Maxillary sinus surgery

| July 7, 2013 | 0 Comments

Antral washouts

Diagnostic in cases of chronic mucopurulent sinusitis, washouts can be performed under local or general anaesthesia. They are of little therapeutic value.

 

 

 

 

Procedure

Spray the Nose with Decongestant and local anesthetic. I always infiltrate the inferior meatus with Xylocaine and adrenaline using a dental syringe.

A fine trocar and canula will be pushed into the nose and through the thin bone of the maxilla into the sinus. Saline water will be flushed through the canula into the sinus.

The saline will come out of the ostium of the sinus, and drain into the nose. Any pus or infected fluid will come out as well.

A specimen of the infected fluid will be taken so that it can be send for microbiology tests. The canula will then be taken out. Hardly any pain or bleeding. The inside of the nose usually heals very quickly.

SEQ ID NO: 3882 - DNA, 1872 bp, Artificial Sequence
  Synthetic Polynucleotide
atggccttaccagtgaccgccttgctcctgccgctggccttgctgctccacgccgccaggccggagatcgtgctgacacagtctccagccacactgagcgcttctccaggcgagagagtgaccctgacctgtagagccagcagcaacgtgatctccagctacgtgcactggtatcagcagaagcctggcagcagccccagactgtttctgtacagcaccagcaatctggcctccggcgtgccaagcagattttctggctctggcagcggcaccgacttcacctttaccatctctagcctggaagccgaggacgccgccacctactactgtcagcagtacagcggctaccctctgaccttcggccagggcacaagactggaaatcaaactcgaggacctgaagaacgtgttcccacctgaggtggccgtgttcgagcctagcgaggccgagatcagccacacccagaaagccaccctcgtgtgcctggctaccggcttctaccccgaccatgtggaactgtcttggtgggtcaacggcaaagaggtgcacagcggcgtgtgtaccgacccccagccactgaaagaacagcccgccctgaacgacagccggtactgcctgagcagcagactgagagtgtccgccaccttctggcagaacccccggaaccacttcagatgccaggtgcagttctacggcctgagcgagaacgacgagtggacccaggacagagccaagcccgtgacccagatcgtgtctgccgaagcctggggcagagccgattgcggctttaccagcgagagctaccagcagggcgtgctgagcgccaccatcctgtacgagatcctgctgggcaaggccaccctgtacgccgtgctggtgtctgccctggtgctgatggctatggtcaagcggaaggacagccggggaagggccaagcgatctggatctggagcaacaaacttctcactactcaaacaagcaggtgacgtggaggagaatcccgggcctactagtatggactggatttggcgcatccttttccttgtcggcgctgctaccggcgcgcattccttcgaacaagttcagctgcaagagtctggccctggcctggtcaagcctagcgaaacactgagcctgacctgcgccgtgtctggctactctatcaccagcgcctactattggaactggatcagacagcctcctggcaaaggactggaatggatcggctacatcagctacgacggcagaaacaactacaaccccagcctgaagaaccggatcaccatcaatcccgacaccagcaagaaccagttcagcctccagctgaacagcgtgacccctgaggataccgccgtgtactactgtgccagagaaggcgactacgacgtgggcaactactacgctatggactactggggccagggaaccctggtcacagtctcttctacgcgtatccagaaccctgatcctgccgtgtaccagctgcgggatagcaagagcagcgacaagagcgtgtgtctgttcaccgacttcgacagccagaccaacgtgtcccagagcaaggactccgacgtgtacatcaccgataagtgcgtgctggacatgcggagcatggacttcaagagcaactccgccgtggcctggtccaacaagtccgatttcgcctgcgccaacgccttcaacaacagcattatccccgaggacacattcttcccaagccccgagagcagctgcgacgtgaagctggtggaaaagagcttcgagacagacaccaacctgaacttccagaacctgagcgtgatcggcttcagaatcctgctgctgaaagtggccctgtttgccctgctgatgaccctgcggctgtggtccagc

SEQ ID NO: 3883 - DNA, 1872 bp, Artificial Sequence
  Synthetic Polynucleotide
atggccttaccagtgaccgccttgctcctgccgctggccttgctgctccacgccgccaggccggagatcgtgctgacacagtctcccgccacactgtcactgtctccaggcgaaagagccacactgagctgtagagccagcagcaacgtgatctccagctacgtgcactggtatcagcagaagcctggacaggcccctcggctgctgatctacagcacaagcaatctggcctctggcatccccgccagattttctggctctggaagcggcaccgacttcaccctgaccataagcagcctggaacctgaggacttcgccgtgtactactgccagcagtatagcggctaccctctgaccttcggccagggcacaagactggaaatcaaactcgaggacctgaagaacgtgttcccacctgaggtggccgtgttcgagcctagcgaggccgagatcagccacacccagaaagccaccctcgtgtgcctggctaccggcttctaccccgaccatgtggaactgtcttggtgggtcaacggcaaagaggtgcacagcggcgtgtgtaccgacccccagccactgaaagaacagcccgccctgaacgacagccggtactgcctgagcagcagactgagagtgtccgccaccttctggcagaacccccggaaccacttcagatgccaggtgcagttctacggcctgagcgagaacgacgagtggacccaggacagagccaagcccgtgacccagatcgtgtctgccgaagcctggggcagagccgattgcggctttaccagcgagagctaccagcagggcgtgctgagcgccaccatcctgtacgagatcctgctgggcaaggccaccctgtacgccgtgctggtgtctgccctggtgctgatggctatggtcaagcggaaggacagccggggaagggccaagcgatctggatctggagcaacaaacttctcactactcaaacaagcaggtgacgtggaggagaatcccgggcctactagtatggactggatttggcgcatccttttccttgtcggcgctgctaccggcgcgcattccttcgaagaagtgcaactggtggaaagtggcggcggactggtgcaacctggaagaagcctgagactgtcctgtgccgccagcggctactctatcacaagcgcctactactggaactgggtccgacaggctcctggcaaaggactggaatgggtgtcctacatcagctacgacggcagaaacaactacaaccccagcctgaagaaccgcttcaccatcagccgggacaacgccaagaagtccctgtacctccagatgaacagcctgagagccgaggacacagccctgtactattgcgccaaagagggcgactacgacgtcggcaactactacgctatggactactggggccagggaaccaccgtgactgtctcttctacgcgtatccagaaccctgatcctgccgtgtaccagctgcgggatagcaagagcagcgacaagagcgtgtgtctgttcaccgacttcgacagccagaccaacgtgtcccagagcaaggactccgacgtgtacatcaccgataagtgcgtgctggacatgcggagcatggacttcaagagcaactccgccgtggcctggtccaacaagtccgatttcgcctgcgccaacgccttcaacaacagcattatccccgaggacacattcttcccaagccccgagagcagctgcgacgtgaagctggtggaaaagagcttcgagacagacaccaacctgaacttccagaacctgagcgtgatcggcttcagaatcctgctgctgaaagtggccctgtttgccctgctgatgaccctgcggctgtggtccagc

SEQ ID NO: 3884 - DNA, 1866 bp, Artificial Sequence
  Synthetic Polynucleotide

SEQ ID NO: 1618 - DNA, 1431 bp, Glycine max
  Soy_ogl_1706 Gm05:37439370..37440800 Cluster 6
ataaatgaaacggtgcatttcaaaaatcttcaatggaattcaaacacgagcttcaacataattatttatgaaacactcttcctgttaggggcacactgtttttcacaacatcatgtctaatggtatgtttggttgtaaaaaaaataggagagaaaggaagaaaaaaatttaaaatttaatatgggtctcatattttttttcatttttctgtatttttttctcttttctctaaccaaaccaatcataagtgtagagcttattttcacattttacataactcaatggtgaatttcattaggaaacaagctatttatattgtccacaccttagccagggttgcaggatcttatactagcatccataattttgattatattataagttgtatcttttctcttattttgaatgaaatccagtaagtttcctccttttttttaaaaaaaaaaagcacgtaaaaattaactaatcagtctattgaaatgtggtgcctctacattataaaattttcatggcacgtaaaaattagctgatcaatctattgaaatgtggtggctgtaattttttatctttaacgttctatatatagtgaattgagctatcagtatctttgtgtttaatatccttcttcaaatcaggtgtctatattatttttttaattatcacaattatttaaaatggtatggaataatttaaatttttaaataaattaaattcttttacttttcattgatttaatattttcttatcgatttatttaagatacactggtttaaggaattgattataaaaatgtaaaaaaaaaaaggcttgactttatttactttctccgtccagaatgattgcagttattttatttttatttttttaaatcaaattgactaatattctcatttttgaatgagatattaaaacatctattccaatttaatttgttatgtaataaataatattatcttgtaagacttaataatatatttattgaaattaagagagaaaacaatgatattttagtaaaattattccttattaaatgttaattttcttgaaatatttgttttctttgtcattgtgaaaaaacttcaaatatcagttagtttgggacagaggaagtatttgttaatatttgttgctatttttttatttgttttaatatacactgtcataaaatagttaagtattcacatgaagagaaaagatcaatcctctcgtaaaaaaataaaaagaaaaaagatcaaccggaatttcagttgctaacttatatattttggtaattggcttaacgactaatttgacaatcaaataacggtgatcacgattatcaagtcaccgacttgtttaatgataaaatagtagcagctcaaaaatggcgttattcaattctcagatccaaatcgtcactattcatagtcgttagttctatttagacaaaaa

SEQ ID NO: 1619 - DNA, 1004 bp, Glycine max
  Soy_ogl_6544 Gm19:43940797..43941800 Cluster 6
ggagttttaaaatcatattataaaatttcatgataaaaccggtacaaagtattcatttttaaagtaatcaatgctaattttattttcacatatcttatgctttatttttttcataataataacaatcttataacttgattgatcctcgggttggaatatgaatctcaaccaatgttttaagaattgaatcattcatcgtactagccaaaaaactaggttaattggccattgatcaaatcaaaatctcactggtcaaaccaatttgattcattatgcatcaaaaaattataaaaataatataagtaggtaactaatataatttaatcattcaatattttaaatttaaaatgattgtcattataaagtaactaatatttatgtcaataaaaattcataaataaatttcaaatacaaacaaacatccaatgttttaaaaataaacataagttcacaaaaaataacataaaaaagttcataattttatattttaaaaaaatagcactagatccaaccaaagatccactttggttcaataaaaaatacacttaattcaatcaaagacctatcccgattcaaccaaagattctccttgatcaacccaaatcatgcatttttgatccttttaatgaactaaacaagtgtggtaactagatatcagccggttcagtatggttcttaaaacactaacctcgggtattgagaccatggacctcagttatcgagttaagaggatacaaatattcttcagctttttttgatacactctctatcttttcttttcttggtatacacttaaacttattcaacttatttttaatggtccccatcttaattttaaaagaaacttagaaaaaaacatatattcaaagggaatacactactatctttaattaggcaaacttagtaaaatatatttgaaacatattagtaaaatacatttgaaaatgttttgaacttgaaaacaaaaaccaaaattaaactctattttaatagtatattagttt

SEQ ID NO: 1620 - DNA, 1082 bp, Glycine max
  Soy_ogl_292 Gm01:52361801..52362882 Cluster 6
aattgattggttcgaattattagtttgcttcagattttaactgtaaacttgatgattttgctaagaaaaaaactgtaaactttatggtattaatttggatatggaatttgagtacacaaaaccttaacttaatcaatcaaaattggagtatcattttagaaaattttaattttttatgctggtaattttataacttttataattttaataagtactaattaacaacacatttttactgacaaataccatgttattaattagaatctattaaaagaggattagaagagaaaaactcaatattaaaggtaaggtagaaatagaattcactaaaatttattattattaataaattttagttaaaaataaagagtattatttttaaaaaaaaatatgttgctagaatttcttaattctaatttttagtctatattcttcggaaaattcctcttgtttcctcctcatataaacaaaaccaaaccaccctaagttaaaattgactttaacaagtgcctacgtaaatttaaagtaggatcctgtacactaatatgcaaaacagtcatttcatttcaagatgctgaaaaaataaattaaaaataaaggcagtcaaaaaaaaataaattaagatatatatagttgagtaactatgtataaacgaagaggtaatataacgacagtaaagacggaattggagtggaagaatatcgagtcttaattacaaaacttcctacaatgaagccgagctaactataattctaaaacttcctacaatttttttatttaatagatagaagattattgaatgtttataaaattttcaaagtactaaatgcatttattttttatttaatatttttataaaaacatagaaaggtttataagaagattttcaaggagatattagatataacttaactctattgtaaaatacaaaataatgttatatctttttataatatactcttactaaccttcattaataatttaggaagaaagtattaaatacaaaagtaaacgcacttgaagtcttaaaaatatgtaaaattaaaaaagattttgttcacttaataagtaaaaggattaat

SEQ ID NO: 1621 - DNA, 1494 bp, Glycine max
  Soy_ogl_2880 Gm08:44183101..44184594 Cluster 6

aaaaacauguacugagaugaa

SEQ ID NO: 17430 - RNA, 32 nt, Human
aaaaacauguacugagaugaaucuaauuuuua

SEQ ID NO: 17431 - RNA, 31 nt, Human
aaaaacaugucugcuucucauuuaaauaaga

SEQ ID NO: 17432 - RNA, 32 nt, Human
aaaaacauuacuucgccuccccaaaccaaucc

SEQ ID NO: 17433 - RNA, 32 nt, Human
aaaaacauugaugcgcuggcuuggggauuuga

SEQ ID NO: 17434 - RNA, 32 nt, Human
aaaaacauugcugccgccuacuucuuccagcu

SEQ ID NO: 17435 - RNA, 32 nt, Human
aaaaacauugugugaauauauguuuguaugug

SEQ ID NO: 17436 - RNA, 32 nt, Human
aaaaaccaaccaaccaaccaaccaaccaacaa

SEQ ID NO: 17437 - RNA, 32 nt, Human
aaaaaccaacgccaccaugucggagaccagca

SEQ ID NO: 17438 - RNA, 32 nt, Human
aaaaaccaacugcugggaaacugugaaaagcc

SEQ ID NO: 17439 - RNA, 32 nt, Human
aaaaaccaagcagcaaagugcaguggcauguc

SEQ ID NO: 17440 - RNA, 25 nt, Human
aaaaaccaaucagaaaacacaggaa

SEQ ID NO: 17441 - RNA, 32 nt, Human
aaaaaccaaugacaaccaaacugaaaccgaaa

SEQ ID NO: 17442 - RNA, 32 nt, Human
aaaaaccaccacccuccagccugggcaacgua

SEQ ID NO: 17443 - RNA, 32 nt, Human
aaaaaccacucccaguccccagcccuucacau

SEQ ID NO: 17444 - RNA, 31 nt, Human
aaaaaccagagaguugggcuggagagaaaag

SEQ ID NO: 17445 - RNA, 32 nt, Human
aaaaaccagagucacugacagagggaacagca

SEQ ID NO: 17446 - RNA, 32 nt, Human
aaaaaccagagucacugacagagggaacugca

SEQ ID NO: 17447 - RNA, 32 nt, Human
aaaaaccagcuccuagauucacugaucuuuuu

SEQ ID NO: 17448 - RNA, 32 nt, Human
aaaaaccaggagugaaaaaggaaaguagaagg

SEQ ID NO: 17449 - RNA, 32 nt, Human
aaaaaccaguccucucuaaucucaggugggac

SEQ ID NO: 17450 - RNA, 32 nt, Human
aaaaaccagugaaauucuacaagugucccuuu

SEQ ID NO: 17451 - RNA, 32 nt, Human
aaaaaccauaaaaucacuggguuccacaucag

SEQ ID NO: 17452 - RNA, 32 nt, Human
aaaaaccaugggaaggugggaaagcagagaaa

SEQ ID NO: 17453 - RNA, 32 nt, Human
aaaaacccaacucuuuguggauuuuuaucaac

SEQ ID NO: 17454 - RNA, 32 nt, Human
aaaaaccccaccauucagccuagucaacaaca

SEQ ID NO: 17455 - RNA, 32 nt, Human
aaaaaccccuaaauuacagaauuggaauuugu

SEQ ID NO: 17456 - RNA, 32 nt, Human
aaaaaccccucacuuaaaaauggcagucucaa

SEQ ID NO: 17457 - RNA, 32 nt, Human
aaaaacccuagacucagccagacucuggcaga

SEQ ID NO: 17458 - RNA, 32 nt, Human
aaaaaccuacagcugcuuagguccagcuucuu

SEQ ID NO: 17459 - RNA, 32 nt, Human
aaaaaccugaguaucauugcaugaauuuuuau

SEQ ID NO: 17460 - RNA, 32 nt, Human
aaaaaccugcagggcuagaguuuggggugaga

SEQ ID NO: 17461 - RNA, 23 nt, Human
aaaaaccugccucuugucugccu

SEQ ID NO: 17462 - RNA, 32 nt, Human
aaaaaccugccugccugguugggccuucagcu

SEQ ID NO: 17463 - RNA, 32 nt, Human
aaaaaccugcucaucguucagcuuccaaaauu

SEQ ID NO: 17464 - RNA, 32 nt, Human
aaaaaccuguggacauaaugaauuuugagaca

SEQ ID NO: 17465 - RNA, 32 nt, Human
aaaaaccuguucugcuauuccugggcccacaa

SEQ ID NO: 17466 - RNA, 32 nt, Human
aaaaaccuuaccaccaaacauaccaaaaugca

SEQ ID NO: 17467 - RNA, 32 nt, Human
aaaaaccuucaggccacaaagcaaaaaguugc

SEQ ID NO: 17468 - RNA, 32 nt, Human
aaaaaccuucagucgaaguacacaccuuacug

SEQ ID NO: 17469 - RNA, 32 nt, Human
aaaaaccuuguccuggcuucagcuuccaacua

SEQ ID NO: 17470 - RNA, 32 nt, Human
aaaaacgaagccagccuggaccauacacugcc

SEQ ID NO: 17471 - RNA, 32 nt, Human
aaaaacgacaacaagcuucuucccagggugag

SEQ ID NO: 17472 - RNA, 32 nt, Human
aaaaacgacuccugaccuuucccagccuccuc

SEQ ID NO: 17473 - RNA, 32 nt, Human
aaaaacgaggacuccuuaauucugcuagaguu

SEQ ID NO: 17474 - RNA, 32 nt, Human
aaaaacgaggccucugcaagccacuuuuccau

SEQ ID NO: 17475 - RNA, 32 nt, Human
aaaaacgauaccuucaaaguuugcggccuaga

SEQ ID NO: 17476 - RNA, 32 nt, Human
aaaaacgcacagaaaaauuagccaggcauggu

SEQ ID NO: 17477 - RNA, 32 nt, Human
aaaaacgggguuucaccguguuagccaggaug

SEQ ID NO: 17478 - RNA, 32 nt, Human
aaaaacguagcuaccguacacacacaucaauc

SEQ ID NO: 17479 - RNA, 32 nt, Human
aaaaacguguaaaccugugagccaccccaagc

Intra-nasal antrostomy

This acts as an aid both to ventilation and to mucous drainage. Ventilation is the major therapeutic benefit. Access during endoscopic procedures is possible via a middle meatal antrostomy, but the standard approach for lateral nasal wall puncture is an inferior meatal one. Submucous resection of septal cartilage is often required to permit access to the lateral nasal wall and thence into the antrum.

Caldwell Luc antrostomy

This is performed via the canine fossa via an intra-oral incision, the anterior wall of the antrum is windowed. Inspection under direct vision is possible via this approach. Good access to intra-luminal pathology is achieved. Some surgeons advocate covering intra-nasal antrostomy. The procedure is occasionally complicated by permanent fistula formation, infra-orbital anaesthesia and damaged teeth apices.

 

Endoscopic surgery

Access to the paranasal sinus system is gained via the osteomeatal complex. Instrumentation of the sinus system is possible via this approach, and good visualization of the orbital floor as well as access to the ethmoid air cells is achieved. Preoperative coronal reconstructed CT scans are required before attempting access to the periorbital sinuses. Accidental or inadvertent breach of the lamina papyracea can result in optic nerve damage and blindness

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Category: Articles, Oral Surgery

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